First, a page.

Finding a classifier algorithm that would be able to  identify each symbol in a consistent manner was not very easy.  I used Weka software  to test different algorithms trying to find a classifier that would classify the above symbols with over 90% accuracy.  After spending many hours of running different data sets through Weka  I was quite disappointed.  None of the built-in classifiers seemed to handle the task well or I was not able to provide good enough parameters as a starting point.

I was exchanging some emails with Dave, N7AIG on how to build a classifier for Morse code symbols while he suggested that I should look at Probabilistic Neural Network algorithm.

I started reading articles on PNN and discovered that it has several great benefits.  PNN is very fast in learning new probability distributions, in fact  it is so called "one-pass" learning algorithm.  This is a great benefit as many of the more traditional neural network algorithms require  hundreds or even thousands of training cycles before they converge to a solution.  With PNN you just have to show a few examples of each symbol class and it does the classification almost immediately.

PNN networks are also relatively insensitive to outliers.  So few bad examples does not kill the classification performance. PNN networks also approach Bayes optimal classification and are guaranteed to converge to an optimal classifier as the size of the representative training set increases. Training samples can also be added or removed without extensive retraining.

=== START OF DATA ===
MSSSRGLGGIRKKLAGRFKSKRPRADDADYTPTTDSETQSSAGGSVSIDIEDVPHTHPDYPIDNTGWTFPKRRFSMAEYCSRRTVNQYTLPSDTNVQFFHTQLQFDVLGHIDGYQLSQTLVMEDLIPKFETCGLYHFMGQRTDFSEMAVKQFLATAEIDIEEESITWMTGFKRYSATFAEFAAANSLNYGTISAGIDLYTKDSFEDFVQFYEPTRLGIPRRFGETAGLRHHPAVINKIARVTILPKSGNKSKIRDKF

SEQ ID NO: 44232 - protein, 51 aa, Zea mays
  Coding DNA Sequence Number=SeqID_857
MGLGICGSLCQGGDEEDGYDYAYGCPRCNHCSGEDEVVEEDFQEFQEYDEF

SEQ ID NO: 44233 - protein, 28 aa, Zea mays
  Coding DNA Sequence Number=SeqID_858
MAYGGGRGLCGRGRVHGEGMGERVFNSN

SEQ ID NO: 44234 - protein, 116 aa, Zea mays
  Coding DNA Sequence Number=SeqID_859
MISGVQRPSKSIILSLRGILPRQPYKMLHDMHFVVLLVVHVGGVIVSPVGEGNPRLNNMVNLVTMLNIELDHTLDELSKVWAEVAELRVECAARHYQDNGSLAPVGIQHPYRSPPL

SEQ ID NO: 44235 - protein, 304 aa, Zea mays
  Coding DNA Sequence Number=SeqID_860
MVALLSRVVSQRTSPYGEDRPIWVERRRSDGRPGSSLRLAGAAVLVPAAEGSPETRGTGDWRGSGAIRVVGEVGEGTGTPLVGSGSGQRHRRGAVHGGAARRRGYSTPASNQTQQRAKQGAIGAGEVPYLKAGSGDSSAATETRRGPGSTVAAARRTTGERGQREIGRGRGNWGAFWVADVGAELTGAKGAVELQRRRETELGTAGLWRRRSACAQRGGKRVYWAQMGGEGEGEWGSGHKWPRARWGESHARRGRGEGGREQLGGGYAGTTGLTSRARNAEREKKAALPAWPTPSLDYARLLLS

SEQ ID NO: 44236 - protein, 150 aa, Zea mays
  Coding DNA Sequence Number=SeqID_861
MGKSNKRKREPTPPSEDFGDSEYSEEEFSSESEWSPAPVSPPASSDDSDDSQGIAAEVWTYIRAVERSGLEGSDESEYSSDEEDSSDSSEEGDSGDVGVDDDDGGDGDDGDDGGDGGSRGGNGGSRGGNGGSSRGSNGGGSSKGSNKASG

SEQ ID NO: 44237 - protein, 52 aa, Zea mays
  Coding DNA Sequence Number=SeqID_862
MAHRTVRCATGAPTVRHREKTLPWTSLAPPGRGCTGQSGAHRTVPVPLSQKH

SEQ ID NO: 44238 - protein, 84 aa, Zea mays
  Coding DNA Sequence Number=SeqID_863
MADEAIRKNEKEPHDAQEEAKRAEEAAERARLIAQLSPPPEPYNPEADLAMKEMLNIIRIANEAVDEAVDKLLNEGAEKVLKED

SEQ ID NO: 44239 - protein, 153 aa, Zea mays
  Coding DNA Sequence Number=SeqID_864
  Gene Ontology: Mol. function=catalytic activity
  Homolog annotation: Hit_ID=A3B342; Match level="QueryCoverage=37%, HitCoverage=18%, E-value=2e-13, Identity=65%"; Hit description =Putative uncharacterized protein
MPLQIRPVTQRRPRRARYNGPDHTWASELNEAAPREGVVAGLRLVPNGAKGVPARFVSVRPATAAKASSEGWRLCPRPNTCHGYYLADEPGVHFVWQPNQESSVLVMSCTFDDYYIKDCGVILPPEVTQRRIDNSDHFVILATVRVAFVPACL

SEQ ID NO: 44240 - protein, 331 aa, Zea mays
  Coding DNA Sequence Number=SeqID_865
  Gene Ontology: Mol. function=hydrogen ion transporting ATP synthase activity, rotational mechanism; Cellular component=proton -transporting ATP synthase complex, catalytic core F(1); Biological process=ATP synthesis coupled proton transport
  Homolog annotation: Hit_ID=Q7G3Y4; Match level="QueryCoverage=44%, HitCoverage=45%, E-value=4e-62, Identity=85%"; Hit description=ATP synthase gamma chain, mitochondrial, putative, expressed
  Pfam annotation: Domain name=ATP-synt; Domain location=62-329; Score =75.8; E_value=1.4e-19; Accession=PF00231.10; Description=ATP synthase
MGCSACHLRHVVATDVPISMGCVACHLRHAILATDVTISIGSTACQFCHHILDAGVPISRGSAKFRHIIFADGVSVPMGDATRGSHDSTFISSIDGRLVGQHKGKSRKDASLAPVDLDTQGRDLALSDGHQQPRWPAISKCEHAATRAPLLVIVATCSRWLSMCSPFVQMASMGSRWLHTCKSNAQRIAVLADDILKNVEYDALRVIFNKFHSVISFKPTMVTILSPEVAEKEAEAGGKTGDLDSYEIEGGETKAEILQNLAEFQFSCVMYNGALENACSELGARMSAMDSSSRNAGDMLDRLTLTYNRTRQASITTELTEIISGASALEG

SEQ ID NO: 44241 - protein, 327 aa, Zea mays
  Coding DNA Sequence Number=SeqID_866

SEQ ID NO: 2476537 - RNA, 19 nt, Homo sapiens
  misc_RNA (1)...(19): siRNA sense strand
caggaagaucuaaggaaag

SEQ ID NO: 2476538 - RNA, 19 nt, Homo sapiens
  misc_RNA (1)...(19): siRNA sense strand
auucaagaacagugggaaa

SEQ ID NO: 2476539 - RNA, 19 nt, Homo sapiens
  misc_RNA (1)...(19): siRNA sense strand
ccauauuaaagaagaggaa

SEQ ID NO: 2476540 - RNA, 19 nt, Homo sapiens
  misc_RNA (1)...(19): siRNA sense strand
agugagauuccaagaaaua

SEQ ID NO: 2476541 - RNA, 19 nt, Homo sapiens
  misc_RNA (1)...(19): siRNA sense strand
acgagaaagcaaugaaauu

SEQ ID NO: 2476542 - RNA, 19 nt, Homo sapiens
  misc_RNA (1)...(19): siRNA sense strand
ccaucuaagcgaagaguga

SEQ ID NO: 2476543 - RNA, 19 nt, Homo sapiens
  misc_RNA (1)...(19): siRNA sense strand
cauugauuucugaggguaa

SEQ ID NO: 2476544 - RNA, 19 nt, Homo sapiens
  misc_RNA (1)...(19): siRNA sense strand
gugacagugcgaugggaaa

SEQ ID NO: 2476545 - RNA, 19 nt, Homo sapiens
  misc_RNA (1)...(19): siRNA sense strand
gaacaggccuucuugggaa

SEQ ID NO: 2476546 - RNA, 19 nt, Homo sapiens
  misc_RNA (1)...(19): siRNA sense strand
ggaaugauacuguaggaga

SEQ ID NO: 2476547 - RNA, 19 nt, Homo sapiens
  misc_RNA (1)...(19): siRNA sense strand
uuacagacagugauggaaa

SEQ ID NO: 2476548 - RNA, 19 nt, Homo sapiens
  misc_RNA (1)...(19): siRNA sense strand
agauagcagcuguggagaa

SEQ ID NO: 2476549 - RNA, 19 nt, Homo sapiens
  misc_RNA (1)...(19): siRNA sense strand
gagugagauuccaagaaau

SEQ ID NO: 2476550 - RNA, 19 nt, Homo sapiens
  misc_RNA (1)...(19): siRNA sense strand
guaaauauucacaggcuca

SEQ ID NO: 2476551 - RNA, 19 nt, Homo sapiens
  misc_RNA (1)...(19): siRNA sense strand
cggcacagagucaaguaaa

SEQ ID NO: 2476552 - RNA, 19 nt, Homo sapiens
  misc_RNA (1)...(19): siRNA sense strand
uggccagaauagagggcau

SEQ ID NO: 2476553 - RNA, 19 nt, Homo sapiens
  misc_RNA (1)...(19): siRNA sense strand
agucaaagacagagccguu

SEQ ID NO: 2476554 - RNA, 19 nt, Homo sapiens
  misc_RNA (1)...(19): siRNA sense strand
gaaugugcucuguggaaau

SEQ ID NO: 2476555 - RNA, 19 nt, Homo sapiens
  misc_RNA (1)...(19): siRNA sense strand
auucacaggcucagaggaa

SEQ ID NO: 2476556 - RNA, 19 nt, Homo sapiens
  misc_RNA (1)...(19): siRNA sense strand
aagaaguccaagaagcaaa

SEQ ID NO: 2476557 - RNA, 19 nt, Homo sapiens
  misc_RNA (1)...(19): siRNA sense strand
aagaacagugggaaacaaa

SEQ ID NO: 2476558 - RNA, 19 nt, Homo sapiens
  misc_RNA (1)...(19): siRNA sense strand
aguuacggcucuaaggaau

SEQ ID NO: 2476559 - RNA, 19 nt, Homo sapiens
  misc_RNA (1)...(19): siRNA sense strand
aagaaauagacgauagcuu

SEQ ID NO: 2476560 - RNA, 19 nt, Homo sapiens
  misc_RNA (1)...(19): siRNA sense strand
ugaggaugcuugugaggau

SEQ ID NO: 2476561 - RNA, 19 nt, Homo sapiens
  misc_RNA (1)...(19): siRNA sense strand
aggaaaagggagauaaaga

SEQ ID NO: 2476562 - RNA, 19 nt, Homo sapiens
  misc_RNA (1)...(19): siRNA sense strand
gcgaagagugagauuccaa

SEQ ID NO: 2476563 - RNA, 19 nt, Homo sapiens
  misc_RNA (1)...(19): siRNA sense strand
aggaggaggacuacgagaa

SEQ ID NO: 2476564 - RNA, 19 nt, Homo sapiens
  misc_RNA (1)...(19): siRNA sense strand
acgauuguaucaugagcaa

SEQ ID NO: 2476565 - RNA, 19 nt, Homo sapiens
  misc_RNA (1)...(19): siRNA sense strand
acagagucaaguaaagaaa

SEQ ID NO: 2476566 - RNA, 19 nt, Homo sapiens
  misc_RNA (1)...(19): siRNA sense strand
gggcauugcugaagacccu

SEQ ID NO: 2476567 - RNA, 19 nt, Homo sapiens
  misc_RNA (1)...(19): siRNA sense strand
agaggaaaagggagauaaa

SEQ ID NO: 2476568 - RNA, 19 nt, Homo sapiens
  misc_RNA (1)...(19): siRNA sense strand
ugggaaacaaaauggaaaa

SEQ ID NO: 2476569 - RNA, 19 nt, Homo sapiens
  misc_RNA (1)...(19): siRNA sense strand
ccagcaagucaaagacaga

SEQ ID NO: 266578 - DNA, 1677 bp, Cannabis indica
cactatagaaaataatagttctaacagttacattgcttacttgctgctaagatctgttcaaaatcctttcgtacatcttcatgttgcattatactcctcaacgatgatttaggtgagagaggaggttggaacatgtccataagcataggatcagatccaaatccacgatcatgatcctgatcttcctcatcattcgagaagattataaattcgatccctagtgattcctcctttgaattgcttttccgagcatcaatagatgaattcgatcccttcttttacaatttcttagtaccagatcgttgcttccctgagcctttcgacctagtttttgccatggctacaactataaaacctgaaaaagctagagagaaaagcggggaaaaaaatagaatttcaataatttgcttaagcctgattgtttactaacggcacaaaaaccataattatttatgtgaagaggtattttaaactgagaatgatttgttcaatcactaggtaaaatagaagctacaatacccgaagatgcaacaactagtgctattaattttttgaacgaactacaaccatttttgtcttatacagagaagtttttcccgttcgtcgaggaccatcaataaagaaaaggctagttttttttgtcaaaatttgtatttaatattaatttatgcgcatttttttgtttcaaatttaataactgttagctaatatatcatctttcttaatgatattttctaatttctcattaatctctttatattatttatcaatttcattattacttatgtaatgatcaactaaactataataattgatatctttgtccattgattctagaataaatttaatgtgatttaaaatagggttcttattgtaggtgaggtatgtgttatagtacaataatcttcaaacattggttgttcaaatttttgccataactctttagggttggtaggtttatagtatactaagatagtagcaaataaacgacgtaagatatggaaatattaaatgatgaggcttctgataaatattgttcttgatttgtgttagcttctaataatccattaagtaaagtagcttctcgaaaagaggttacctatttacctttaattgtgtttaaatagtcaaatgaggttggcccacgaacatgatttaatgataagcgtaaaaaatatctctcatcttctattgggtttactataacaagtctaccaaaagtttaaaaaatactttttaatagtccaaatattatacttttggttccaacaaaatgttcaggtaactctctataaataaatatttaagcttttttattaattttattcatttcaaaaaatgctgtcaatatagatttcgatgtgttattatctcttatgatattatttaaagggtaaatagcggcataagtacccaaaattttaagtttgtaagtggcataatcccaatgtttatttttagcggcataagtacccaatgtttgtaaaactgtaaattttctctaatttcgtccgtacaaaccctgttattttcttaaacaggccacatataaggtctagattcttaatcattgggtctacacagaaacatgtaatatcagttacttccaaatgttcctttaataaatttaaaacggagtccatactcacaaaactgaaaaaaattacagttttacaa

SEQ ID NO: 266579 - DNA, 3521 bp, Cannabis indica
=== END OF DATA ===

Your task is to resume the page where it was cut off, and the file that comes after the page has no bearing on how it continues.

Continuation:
PNN has only one parameter "sigma"  that needs tuning.  I built an Excel sheet (copy in Google Sheets) to validate the PNN algorithm  and to see how different "sigma" values  impact the classification.  By changing the "sigma" value I could easily see how the classifier handles overlapping distributions. Sigma basically determines the Gaussian shape of the PNN equation:

Figure 3.   PNN equation

Experimenting with different "sigma" values  I was able to discover that  0.03 seems to be a good compromise value.  If you increase the value much higher you tend to get more classification errors due to overlaps.  If you make it much smaller you get more classification errors due to too narrow distribution.

See figure 4.  on how the probability distribution function (PDF) looks like for "dit", "dah" and "word space" with sigma = 0.03.  The scale has been set so that "dit" duration corresponds to 0.1  like in the previous pictures.

Figure 4.  PNN tuning


The final part of this work was to create PNN algorithm in C++  and integrate it with  FLDIGI software.  The alpha version of the classifier code is in Appendix below - I have also included the Examples[]  data I have used to classify results in Figure 1 and 2.

Figure 5. Probabilistic Neural Network 
Figure 5.  demonstrates  the role of different "layers"  in PNN algorithm.  Input layer gets the symbol  ("mark", "space") values that are scaled  between 0.0 and 1.0. The pattern layers calculates the match against each symbol class training example. In this example there are two training examples per symbol class.  The summation layer calculates the sum of probability distribution function (PDF - see Fig 3) for each class.  Finally the decision layer compares all these results and selects the largest sum value that is the best matching symbol class.

Part of my current work has been also to completely rewrite the state machine in FLDIGI  CW.CXX module that handles the conversion from KEY_DOWN and KEY_UP events to  "mark" and "space" durations.

I have also rewritten the Morse decoder part - new decoder gets stream of classified symbols from PNN() function and runs through a state machine to come up with the correct character. I am still in process of getting this state machine to behave like a Viterbi  decoder.